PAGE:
To read more, click here.
The PostGlobe relies on your donations. Please support us by going to our donate page and give what you can.
What will the Indian health system look like a decade from now?
That’s an impossible question to answer. There is the potential of a court ruling striking down at least part of the Patient Protection and Affordable Care Act. And, there is always the possibility of Congress will rewrite the law (I view this as remote because there would have to be a Super Majority to enact something else.)
But in the meantime there is a new foundation already under construction. The building that will rest on that structure will not be the same as the one in place now.
Let’s start with the patient. Right now, according to the Kaiser Family Foundation, nearly half of all American Indians and Alaska Natives are either uninsured or rely solely on the Indian Health Service. But health care reform changes that. Big time. Beginning in four years, hundreds of thousands of people will become eligible for insurance through government programs (such as Medicaid) because of new income rules. This insurance can be used to pay for services at Indian health system facilities – or at competing health care centers. (Think about how many private walk-in clinics promise no waiting.)
Another huge change is that states have more at stake than ever in the success of the Indian health system. Let’s start with the premise that everyone who should be covered by these government insurance programs will be. (I know it’s a leap.)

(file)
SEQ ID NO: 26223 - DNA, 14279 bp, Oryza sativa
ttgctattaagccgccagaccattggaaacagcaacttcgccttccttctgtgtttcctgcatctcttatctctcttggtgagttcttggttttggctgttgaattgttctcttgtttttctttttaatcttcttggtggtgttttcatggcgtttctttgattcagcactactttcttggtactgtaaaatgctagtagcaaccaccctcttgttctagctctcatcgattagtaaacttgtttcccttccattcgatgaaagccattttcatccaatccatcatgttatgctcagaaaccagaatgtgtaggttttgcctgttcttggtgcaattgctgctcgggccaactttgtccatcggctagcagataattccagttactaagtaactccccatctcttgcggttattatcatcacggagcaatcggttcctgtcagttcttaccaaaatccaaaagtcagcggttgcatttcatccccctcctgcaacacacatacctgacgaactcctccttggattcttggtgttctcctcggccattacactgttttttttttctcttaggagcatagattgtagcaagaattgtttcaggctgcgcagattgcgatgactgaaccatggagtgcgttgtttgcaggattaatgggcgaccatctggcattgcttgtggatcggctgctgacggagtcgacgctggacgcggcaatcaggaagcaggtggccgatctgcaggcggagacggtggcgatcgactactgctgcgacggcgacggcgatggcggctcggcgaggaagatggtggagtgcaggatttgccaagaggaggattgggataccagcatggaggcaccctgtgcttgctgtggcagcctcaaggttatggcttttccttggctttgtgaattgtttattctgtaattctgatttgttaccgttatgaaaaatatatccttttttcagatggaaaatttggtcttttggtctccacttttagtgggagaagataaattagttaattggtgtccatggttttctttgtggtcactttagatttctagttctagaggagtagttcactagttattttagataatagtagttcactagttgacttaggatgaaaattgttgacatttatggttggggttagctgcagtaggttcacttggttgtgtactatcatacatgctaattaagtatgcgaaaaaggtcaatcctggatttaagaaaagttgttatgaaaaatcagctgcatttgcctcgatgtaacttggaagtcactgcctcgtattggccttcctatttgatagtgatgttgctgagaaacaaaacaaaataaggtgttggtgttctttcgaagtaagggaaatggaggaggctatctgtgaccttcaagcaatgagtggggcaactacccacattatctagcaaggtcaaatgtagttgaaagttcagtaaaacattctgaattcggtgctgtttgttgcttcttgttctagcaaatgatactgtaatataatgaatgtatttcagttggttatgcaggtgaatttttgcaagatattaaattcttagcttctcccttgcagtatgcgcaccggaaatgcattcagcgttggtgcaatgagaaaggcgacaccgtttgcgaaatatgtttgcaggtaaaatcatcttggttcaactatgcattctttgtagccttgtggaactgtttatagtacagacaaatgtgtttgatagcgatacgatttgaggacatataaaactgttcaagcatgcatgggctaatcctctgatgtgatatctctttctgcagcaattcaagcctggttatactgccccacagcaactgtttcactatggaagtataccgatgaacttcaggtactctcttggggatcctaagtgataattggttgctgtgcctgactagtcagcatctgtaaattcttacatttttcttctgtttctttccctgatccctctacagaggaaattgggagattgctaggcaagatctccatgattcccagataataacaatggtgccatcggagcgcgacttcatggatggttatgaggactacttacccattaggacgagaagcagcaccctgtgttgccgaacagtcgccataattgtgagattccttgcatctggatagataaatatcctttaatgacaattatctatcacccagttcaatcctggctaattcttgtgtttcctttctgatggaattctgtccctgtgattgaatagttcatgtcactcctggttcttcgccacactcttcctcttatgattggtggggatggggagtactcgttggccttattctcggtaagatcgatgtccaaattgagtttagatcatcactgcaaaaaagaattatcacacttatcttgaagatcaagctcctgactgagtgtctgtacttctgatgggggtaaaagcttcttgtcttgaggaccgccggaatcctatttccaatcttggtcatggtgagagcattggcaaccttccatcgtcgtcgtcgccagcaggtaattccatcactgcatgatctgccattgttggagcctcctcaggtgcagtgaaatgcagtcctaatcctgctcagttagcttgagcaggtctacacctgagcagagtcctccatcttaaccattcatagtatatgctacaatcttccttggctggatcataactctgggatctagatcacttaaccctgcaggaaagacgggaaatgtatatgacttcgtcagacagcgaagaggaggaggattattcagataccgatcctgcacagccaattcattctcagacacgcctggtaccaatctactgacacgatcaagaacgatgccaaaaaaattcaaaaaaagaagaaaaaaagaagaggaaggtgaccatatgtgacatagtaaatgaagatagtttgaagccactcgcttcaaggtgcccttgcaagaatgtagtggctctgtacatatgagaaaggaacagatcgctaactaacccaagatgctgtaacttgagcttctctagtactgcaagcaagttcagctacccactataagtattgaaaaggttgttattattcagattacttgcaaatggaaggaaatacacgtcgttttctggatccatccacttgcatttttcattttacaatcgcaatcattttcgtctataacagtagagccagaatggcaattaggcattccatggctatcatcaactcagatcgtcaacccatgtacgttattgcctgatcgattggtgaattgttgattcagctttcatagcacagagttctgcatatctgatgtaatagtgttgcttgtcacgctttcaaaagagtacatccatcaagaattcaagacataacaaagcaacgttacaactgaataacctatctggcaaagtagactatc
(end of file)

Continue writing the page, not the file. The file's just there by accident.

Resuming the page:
If a Native American patient goes into an IHS facility with that Medicaid card, then the state is reimbursed with a 100 percent match. Covering that patient does not cost the state (at a time when budgets are stretched to the max). However if that same patient goes to, say, a for-profit clinic outside of the Indian health system, then eventually the state must pay its share of the Medicaid costs (the same as it would for any other citizen). The amount of state funding is relatively small between 2014 and 2019 – the states share is more than $21 billion out of the estimated $447 billion Medicaid pie – but the costs down the road are significant.
The point here is that state governments are now a full partner in the Indian health system and have a financial interest in making the system work better. This means there will need to be great scenario planning, exploring what happens when individuals make their choices. And there needs to be more discussion about the demand side of that equation in terms of hiring and retaining more doctors, nurses, pharmacists, midwives, nutritionists and administrators.
I also think there ought to be a full public education program, explaining to patients how they can be part of the Indian health system solution because, if all of this works as planned, the increases in Medicaid participation should add real money to the Indian health system.
What else will change?
Health care reforms will likely speed up the shift from IHS direct services to clinics and hospitals run by tribes, urban organizations and other non-profits. A few years ago the economic equation for contracting for IHS services was so-so. And that’s still true – if you only count IHS money. But there are other players ranging from Medicaid to funds designated for rural and community health clinics. These new sources of revenue tip the advantage – I think significantly – toward independent, tribally sponsored health enterprises.
This, too, has profound implications for the Indian Health Service. The IHS is Indian Country’s largest single employer with more than 15,000 employees. A generation from now that number is likely to shrink as funding is directed at tribal governments and other organizations. Yet the IHS role will remain critical – particularly in the sharing of medical information, best practices and standards – as well as acting as one funding conduit.